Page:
Hello, thank you for calling in and thank you for your comments on my last post. I am very happy indeed to have discovered that some of you are ABBA fans too, especially with Eurovision on the horizon (I am already planning my menu).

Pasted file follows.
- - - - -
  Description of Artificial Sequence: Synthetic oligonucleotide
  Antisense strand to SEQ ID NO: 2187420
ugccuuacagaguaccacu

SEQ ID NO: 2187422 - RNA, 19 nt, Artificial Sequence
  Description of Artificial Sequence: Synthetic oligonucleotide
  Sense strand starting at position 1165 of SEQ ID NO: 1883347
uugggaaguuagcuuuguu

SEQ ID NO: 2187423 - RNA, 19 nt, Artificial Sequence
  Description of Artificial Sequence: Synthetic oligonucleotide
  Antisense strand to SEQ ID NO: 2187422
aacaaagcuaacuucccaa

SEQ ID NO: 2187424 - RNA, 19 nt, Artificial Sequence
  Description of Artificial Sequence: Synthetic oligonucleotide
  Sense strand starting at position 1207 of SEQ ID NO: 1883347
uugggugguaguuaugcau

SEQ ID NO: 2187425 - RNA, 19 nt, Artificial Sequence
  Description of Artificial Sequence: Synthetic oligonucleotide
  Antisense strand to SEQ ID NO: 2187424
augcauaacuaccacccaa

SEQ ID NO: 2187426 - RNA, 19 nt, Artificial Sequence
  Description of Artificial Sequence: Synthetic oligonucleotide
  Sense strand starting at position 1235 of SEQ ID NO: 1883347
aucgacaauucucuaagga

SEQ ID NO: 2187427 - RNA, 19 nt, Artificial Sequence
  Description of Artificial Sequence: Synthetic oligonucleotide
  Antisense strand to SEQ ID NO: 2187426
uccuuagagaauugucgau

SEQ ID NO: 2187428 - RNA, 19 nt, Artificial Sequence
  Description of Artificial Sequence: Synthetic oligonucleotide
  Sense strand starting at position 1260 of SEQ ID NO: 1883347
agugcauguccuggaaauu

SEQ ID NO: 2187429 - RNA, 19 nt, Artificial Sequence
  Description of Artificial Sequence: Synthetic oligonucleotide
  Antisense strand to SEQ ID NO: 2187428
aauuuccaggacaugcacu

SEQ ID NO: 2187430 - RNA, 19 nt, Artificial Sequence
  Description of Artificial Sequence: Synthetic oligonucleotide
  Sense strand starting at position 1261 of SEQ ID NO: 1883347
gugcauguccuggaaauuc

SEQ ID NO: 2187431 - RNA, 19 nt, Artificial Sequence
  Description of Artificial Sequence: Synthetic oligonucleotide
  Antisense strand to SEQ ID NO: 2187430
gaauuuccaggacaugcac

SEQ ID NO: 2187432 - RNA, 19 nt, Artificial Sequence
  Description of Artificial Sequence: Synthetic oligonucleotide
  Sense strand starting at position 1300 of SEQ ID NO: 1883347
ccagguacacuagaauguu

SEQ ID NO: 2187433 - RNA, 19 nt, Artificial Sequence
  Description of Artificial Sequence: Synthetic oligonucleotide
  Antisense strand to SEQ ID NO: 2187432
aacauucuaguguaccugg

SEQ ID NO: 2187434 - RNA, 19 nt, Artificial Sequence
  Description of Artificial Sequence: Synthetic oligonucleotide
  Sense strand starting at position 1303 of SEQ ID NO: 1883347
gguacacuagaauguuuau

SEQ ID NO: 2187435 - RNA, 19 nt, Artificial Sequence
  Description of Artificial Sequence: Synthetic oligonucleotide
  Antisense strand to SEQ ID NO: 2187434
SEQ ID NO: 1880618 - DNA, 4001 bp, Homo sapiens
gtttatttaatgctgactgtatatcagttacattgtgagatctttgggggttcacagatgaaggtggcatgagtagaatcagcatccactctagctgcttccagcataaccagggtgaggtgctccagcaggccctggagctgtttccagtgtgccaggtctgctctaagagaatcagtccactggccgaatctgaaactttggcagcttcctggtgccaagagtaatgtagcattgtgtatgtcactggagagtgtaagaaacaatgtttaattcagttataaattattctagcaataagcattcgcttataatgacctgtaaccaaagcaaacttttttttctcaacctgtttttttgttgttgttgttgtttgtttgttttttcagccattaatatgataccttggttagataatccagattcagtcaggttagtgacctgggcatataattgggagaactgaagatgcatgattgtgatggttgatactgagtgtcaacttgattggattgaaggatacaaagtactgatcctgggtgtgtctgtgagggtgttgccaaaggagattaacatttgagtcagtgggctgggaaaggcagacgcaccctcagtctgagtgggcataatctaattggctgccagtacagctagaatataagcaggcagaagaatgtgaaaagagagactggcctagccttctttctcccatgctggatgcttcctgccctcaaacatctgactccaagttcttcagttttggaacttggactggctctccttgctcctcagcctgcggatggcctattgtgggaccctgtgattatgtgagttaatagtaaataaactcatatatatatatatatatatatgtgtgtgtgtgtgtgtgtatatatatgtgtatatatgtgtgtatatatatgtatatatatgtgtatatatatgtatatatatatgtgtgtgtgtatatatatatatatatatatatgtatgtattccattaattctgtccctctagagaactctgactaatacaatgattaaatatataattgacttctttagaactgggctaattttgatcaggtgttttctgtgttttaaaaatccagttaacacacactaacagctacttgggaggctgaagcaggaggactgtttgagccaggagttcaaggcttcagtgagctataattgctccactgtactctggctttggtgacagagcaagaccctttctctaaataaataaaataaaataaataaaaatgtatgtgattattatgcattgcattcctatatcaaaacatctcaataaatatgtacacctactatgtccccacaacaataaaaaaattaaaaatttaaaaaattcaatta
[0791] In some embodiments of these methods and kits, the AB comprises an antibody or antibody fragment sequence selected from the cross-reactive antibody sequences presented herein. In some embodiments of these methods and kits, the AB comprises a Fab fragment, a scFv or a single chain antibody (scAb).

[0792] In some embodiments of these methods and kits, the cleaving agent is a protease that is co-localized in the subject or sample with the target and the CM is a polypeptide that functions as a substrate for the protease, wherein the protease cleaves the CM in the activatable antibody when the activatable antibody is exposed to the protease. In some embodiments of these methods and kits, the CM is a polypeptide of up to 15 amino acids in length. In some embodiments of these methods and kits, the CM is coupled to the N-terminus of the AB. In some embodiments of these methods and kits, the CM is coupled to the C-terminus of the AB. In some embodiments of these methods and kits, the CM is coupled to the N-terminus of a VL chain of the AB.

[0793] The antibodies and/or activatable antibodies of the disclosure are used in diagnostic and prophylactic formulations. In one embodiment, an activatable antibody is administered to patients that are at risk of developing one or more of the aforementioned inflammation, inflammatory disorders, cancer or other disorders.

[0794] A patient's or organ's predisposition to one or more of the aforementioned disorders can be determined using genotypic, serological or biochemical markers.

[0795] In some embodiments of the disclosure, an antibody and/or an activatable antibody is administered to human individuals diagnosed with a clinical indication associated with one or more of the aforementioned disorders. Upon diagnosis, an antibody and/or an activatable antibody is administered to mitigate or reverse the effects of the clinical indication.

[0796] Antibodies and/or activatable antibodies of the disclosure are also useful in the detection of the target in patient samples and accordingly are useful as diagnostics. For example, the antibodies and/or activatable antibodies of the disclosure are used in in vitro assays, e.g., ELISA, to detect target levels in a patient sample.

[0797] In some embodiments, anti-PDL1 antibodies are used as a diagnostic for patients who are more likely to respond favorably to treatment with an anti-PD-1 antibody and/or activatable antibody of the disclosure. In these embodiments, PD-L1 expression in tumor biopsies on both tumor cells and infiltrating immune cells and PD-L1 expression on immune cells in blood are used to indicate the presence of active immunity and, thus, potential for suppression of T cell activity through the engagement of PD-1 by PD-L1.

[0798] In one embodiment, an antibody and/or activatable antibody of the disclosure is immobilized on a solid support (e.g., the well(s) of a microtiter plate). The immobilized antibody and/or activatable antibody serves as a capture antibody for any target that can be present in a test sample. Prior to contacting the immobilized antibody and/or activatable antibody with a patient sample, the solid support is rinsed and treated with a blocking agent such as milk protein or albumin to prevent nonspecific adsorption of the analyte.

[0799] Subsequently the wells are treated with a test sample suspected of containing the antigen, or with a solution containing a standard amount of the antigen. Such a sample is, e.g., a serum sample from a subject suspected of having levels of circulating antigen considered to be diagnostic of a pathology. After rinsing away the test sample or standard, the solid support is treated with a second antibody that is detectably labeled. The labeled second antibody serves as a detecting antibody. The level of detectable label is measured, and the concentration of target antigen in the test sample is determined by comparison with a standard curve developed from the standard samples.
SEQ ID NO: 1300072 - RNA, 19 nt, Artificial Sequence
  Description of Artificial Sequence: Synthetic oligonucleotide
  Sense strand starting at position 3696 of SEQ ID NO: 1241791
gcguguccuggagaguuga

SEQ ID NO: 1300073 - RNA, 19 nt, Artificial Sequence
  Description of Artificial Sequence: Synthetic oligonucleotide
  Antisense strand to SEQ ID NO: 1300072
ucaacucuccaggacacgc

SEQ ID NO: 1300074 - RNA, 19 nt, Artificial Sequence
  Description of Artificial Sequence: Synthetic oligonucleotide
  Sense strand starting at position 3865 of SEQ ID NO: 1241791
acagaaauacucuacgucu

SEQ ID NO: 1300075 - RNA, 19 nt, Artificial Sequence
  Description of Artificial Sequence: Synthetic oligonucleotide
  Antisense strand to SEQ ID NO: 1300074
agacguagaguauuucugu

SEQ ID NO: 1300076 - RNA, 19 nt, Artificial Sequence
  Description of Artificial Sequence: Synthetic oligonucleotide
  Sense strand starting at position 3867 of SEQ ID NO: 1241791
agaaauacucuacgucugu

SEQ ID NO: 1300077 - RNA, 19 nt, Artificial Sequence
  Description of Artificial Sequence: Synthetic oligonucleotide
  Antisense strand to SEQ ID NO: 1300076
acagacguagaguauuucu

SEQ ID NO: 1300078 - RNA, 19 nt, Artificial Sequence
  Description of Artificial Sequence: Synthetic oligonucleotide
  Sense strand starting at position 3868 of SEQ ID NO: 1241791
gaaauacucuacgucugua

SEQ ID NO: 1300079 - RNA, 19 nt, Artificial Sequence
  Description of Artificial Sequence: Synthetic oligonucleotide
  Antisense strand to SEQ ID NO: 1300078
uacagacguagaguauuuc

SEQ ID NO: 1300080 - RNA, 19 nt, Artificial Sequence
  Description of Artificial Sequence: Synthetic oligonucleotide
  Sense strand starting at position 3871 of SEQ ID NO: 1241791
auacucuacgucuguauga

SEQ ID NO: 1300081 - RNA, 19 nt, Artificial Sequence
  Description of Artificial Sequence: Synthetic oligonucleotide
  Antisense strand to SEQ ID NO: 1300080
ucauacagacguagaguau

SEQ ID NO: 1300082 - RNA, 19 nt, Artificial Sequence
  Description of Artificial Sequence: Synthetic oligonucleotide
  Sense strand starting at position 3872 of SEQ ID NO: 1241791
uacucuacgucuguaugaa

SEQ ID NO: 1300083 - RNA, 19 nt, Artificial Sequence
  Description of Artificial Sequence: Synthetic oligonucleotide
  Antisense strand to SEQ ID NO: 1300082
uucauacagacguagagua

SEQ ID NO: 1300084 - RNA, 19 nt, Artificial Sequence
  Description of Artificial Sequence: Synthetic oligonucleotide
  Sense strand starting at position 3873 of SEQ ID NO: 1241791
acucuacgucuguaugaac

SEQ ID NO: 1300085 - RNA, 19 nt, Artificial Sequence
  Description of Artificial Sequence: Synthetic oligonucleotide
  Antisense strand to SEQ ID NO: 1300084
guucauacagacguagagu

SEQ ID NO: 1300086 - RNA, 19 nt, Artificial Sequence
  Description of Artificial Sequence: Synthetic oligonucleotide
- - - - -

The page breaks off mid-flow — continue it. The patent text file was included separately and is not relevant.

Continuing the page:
After Easter, the Best Beloved and I went off to Anglesey for a little glamping break. The last three months have been a bit of a struggle for me so this was supposed to be a restorative treat and I am happy to say that it was exactly that. We arrived on Tuesday in 24 degree heat and sat on the little terrace outside our camping pod drinking chilled wine and eating bread, smoked salmon and little salady bits and pieces as the sun set over the field; then we lit a fire and stayed outside until the cockchafer beetles began their invasion attempt. Have you ever had a close encounter with a cockchafer beetle? You might know them as May bugs and that is the point - they are supposed to emerge in May, not on 23rd April! They are huuuuuuuge, well, about 5cm long, and you know they are near because they buzz very loudly. They fly towards the light but they are a bit clumsy and when one landed on me I yelped and demanded that the Best Beloved remove it, which he did, to the other side of the field. Then a second one appeared inside the pod and had to be kindly but firmly evicted with the aid of a glass and a postcard before I locked the door very firmly, closed the curtains and turned on the fairy lights. This was my second cockchafer encounter in the last seventeen years and I still haven't really recovered from the first so I don't wish to have any more, thank you very much!